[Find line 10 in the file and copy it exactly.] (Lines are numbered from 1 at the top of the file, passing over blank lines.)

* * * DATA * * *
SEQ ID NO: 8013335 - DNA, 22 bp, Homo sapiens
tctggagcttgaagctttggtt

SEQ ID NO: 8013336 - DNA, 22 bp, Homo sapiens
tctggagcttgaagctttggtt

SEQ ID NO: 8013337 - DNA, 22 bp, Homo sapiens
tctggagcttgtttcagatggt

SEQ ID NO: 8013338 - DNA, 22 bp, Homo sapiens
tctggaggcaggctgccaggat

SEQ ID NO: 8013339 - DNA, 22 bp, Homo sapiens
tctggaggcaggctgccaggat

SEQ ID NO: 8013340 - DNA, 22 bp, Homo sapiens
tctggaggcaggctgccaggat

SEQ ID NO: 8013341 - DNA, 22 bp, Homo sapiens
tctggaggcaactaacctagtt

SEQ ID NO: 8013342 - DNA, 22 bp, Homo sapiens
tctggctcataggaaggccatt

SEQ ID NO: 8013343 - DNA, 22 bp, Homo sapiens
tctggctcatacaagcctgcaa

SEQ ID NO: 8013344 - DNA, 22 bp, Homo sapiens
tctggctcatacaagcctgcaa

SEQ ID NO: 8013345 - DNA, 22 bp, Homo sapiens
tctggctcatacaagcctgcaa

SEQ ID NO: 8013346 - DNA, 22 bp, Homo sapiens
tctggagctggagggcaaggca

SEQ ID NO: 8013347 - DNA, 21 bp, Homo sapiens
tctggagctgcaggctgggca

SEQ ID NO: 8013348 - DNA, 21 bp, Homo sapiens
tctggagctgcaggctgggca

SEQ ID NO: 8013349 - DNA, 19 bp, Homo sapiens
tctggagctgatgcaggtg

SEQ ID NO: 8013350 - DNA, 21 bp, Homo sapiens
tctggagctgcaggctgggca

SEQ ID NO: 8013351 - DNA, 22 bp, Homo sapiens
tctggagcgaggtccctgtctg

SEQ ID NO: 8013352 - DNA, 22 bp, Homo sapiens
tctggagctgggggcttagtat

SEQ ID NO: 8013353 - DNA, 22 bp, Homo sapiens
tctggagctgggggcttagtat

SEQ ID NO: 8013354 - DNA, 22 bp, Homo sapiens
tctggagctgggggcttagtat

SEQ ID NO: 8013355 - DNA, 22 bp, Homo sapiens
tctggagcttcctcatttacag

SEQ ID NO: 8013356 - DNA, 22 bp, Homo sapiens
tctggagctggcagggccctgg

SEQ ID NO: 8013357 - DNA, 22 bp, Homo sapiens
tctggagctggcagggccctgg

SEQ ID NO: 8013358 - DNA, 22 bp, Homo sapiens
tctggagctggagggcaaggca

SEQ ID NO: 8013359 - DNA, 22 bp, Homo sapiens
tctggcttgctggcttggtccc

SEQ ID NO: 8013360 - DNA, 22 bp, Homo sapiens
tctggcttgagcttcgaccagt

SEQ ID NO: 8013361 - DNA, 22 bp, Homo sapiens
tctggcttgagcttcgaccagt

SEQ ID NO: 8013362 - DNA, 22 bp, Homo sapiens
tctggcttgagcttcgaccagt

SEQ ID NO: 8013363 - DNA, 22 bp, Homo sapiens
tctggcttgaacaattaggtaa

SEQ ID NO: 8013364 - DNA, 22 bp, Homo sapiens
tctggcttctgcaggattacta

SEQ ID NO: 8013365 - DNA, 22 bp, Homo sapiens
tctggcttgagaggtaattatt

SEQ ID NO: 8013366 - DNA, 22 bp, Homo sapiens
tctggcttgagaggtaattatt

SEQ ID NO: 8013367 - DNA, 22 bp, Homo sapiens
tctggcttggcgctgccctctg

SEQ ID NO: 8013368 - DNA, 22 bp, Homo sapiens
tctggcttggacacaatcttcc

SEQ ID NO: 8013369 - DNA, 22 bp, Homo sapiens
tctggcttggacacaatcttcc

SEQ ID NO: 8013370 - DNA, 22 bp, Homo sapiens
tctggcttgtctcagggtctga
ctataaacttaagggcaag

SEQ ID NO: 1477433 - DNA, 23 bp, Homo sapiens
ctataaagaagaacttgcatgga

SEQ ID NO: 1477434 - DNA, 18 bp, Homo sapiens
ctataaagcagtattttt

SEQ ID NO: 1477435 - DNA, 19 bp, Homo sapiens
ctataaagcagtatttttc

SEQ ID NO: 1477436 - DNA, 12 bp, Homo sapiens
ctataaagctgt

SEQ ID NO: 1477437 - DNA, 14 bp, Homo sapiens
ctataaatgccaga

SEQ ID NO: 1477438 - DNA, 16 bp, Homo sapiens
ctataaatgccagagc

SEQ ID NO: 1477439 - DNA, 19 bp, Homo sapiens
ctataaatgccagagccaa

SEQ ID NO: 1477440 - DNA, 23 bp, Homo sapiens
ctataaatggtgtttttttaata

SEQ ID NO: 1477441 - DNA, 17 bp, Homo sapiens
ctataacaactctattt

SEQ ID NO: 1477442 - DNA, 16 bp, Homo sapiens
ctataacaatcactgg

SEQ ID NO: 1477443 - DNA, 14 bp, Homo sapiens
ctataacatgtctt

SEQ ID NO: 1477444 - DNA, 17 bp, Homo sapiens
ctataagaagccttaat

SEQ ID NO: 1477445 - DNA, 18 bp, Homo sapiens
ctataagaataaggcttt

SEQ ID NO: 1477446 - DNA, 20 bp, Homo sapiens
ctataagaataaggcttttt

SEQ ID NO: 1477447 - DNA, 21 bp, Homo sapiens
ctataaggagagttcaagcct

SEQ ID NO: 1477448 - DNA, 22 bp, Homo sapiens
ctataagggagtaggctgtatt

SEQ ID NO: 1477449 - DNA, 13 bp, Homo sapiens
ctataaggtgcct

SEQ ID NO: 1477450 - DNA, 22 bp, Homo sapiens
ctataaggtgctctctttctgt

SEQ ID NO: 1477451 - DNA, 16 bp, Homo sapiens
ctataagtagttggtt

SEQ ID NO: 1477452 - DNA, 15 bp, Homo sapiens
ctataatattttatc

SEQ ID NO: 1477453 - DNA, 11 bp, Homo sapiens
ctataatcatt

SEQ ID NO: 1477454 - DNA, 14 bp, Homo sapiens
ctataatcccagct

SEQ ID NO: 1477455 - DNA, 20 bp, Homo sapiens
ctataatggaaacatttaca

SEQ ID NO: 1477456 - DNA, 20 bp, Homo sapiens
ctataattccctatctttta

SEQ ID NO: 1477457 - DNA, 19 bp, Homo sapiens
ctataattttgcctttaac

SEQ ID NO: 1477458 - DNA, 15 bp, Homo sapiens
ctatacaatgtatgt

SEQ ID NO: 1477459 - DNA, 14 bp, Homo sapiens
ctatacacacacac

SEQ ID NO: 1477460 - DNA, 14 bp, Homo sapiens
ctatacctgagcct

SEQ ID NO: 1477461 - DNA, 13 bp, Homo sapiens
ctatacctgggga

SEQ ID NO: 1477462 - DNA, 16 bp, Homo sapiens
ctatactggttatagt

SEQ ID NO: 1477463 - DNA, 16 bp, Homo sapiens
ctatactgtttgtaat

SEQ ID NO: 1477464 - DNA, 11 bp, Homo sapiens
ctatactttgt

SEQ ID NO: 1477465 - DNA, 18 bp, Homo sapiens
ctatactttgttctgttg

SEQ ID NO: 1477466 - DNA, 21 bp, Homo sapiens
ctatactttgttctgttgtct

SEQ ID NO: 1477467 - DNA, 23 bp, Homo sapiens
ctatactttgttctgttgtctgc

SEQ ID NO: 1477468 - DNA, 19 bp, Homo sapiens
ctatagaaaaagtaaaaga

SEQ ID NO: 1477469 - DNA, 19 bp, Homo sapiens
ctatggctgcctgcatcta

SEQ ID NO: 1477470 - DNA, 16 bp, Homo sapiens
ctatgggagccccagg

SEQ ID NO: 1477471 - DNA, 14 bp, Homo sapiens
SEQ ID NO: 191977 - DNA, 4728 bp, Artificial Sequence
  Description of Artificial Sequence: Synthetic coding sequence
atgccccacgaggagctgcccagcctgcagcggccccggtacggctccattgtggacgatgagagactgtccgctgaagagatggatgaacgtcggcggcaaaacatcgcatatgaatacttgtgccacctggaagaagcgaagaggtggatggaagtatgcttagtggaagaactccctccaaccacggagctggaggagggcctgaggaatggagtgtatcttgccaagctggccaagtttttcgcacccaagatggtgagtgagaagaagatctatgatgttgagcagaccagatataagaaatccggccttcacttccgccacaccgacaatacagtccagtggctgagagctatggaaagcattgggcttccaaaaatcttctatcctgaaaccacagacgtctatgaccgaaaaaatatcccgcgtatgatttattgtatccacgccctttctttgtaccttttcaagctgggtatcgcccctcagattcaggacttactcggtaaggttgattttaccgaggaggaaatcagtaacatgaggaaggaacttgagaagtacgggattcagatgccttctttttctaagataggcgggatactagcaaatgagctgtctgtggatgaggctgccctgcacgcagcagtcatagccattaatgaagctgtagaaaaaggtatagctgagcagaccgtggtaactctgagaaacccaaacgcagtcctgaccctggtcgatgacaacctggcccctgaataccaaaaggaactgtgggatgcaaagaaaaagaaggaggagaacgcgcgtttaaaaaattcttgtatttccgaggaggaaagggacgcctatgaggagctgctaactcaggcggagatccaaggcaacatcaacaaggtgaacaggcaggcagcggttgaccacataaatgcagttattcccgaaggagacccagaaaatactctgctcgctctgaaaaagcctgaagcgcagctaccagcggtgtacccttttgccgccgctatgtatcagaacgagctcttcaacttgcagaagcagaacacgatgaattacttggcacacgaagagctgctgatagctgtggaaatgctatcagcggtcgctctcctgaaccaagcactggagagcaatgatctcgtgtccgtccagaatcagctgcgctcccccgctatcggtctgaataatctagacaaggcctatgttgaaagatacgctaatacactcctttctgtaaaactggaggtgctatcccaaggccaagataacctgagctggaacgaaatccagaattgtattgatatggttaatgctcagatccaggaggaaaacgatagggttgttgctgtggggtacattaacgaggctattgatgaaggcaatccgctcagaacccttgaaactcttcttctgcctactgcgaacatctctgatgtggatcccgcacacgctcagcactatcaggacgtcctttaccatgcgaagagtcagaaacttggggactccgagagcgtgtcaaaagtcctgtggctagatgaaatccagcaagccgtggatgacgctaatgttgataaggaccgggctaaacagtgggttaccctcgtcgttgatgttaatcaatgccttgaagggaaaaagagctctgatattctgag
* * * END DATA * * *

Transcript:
tctggaggcaggctgccaggat